The Inside Scoop on Swarthmore Biology

Hi friends! It’s Iris, your resident biology blogger, this time with an inside scoop on the Swat bio scene. I commonly get asked these questions by my friends from other colleges, my parents and their colleagues, my non-bio friends at Swat, and my younger brother, so I thought I’d put together a little FAQ about what studying biology is like at Swarthmore!

How did you decide to be a biology major?

In my freshman fall I took Bio 1, which was an introduction to Cellular & Molecular Biology. We learned much more than the general overview that high school biology classes (even Advanced Placement) provide, and I loved the support that the department gives its students. For both introductory biology classes, you have four professors who lecture on material of their specialty during the semester, one of whom usually doubles as a lab instructor. Then, there’s also an additional lab instructor and students who help as lab teaching assistants, Writing Associates who guide you through your lab reports, and Science Associates who hold study sessions twice a week if you’re stuck on a concept. I found all these people to be incredible resources during this challenging semester of bio!

Also, I really love animals, so that had something to fuel my interest in biology, too!

What’s really great is that everyone in the department always gets so excited and their eyes light up when someone asks a really challenging and unanswerable question about biology. It makes me want to learn everything there is to know about why humans, animals, and plants have gotten to be the way they are now. Why can salamanders regenerate their limbs but we can’t? How do our right and left legs grow to be the same length? Will we ever cure cancer?  I don’t know, but some scientists have theories, and in ten or twenty years after experimentation and evidence-gathering, we really might have the answers to those questions. But in the meantime, I’m majoring in bio not because it’s easy (because it isn’t) and not because I have to (because I don’t), but rather because I think it lays out a very refined and experimental approach to answering questions that have a significant impact on our everyday lives.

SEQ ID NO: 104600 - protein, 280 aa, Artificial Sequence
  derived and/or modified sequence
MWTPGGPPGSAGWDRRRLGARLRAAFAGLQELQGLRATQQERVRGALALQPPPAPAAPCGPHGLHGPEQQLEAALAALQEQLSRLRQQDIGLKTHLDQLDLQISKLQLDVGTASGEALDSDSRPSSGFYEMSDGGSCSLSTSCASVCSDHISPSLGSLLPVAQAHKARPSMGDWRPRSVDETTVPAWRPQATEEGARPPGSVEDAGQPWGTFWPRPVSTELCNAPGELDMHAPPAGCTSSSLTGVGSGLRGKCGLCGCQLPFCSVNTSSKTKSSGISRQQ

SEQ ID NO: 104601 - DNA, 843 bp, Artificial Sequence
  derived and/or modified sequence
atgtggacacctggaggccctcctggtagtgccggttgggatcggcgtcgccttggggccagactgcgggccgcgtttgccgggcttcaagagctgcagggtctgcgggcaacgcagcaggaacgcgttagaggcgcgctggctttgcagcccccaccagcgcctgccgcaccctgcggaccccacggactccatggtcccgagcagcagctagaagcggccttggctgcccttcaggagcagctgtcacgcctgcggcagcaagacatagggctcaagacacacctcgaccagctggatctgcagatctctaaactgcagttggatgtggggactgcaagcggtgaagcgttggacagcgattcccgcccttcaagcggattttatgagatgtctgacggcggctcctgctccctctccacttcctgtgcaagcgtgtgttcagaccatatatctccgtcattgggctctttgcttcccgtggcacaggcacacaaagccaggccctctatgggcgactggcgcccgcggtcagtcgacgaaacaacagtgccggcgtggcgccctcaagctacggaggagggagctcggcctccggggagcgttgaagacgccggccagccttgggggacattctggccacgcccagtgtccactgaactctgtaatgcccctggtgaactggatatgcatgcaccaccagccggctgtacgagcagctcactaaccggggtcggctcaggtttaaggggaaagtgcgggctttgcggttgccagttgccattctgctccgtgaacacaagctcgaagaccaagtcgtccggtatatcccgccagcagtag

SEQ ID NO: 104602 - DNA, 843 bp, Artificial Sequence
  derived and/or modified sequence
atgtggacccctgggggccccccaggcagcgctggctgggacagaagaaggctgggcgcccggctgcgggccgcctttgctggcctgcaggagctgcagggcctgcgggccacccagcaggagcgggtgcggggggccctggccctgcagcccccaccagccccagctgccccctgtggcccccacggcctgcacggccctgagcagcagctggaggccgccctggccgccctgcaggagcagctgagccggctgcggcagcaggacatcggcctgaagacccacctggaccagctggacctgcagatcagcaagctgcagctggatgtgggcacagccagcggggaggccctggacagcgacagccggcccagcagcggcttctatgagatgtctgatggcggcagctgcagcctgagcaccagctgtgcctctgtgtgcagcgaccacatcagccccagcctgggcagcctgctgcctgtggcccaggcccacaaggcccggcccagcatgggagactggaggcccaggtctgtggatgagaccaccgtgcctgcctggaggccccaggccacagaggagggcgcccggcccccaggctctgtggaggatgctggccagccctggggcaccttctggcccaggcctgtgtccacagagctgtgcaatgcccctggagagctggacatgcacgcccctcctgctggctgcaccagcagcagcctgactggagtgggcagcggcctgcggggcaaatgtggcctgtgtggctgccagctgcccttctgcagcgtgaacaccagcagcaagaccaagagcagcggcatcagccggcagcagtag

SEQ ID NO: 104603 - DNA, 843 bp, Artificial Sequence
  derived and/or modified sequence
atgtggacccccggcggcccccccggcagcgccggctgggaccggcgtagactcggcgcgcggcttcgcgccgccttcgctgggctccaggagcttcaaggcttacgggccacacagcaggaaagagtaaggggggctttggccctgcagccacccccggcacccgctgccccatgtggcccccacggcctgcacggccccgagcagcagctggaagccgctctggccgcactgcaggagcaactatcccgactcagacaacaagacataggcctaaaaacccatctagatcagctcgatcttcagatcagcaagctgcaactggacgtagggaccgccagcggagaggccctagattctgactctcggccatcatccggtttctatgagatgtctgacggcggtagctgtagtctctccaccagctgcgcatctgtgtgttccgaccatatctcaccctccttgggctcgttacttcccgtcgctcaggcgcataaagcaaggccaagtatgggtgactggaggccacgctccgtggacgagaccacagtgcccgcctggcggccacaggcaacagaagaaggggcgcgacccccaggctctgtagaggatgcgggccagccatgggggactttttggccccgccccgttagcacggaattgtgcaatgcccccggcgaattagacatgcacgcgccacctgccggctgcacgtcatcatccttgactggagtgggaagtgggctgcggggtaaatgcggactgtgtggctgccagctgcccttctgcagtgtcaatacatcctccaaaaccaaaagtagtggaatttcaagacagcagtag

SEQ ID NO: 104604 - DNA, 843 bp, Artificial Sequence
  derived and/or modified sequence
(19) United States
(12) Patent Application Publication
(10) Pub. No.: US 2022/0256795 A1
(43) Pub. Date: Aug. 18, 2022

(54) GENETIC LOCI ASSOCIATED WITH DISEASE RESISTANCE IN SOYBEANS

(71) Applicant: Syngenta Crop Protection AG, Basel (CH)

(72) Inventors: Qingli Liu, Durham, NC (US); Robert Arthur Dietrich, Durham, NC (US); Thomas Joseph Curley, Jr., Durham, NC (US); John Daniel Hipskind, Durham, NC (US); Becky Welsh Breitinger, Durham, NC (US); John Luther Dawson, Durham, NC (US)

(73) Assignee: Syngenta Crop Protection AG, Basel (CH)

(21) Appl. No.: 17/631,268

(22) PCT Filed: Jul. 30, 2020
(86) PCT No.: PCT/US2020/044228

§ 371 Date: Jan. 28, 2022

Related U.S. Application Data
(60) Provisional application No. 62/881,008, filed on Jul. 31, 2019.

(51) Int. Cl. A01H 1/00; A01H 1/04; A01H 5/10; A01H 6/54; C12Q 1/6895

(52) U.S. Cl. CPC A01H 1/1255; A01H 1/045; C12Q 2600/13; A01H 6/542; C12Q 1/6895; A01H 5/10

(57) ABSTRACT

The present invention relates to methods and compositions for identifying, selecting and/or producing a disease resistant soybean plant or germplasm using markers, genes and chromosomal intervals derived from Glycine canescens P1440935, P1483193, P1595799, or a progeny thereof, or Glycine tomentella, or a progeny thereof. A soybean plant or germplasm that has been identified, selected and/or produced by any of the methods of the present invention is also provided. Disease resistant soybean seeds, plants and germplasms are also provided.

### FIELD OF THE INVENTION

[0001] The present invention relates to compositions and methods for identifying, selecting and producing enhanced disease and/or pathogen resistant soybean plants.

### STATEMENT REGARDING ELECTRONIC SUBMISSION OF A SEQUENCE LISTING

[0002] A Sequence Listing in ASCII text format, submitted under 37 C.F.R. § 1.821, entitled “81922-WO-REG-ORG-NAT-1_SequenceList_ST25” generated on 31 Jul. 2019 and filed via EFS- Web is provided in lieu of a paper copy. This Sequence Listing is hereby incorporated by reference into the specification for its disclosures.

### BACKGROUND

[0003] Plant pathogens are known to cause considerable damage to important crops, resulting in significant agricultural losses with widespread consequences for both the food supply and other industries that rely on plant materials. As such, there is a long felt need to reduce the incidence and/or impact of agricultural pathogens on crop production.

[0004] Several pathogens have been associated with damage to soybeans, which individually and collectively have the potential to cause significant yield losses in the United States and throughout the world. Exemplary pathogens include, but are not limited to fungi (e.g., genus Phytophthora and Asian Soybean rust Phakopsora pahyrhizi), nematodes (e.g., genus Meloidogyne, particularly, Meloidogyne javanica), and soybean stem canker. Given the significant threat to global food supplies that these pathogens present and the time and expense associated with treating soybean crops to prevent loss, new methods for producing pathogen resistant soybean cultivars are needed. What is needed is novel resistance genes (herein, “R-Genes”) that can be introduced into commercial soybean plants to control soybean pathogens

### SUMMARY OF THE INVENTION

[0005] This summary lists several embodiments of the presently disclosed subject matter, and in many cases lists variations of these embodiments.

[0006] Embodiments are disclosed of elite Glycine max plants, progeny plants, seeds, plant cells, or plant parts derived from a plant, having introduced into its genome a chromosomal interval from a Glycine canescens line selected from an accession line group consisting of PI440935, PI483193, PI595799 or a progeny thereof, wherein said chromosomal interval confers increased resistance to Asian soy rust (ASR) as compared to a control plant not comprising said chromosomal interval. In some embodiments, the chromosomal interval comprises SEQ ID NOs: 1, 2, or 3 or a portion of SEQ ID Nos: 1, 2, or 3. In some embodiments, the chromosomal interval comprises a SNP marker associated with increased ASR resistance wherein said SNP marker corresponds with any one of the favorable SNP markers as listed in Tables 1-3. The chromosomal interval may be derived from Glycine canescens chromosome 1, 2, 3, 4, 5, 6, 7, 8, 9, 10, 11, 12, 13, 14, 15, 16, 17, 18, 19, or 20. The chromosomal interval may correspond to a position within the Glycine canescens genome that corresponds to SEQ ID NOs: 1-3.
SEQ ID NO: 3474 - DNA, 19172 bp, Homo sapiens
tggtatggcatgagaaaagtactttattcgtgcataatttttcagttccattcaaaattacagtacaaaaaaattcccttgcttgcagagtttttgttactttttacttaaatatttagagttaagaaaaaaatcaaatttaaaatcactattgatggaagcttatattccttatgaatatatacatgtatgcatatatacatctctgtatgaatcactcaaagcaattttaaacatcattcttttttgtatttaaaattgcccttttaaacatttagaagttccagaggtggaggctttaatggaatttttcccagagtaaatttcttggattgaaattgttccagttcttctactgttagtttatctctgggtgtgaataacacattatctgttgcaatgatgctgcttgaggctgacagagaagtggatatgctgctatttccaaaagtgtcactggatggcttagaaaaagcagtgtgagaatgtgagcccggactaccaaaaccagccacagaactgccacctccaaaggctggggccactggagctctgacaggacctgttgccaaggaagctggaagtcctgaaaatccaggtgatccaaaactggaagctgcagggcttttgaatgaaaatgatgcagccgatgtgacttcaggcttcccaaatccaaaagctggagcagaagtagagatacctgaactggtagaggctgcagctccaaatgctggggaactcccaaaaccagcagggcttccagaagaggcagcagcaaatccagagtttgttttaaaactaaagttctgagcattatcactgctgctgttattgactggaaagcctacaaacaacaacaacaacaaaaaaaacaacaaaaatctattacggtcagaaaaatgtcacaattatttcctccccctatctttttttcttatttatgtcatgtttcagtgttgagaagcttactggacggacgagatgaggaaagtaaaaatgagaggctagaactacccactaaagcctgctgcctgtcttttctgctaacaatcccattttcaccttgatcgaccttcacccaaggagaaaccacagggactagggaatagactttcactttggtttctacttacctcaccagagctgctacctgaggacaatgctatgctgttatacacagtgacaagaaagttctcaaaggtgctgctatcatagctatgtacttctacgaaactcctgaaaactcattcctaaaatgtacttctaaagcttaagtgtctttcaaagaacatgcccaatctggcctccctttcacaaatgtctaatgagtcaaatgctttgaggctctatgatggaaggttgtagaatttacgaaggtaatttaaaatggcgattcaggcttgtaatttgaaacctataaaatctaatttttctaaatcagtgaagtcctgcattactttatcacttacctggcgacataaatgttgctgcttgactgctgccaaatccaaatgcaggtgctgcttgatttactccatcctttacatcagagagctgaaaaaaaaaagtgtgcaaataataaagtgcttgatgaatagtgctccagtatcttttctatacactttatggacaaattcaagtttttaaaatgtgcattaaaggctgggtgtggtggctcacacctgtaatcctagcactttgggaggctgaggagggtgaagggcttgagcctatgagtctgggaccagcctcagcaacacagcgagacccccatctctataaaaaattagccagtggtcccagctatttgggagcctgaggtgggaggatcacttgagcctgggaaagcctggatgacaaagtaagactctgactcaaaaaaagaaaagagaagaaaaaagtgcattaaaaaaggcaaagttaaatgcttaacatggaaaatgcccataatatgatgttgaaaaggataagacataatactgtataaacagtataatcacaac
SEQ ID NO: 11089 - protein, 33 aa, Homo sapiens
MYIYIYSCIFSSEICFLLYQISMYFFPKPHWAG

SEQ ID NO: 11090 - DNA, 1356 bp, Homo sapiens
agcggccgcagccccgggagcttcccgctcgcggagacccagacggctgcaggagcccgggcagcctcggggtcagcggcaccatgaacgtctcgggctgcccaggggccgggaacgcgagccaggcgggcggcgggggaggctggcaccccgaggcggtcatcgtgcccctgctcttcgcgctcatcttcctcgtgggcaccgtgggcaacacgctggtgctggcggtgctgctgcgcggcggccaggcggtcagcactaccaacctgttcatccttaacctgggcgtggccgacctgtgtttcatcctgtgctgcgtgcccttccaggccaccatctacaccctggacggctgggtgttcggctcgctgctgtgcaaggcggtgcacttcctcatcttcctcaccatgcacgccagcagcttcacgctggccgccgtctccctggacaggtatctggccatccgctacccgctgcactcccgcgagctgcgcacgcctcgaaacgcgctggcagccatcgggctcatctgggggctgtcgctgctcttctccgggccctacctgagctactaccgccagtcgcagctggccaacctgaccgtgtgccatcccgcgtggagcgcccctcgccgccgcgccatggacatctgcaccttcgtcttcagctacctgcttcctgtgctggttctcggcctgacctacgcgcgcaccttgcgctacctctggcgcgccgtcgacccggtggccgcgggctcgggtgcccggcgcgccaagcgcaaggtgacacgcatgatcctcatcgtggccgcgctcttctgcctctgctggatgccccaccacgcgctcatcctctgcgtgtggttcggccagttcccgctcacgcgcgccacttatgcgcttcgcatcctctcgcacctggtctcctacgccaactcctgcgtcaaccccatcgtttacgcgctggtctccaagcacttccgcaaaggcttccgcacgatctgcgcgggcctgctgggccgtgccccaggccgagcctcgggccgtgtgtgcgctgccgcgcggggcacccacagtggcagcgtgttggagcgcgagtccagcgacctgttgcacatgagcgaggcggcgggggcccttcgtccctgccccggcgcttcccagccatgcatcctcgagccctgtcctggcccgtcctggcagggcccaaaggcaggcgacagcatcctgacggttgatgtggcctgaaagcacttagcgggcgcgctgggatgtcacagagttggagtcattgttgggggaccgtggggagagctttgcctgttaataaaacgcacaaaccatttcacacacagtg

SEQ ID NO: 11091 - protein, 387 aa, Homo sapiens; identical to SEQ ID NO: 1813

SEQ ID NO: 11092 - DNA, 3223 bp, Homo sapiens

Contemplating pea plants, pipettes, and the millions of unsolved questions in biology.

What are your favorite biology classes?

Not surprisingly, some of my favorite classes that I’ve taken at Swarthmore are here in the Biology Department! That being said, I have to make a disclaimer: the majority of the classes that I’ve taken throughout my three years here are, as a matter of fact, not in Biology. I have studied here for five semesters (I spent one semester studying in Denmark), which means that I’ve taken roughly 20 classes at Swarthmore. Of those, only four classes have been in Biology. My favorite class has been Evolution which I took last year with Professor Vince Formica! I’m tremendously excited to take his Molecular Ecology seminar next year!


What kinds of things do you do in lab? 

We move stuff. We lose stuff. We find stuff. Essentially, that is what we as biologists do when we experiment. We ask a lot of “why” and “what if?” questions about the structure, anatomy, function, origin, and evolution of life and different organisms, which leads to controlled studies that might help us answer the questions we have in mind.

For example, for one of our Organismal & Population Biology labs, we did a mink dissection to identify and learn about the internal organs as well as the external anatomy. When I took Evolution, we did labs out in the field, which means that you go out and collect and analyze the data from populations of plants or microbes, for example. This semester in Developmental Biology, we looked at the tracheal systems of Drosophila (fruit flies) to see whether various mutations would cause differences in the branching of terminal cells which are lit up in green fluorescence below.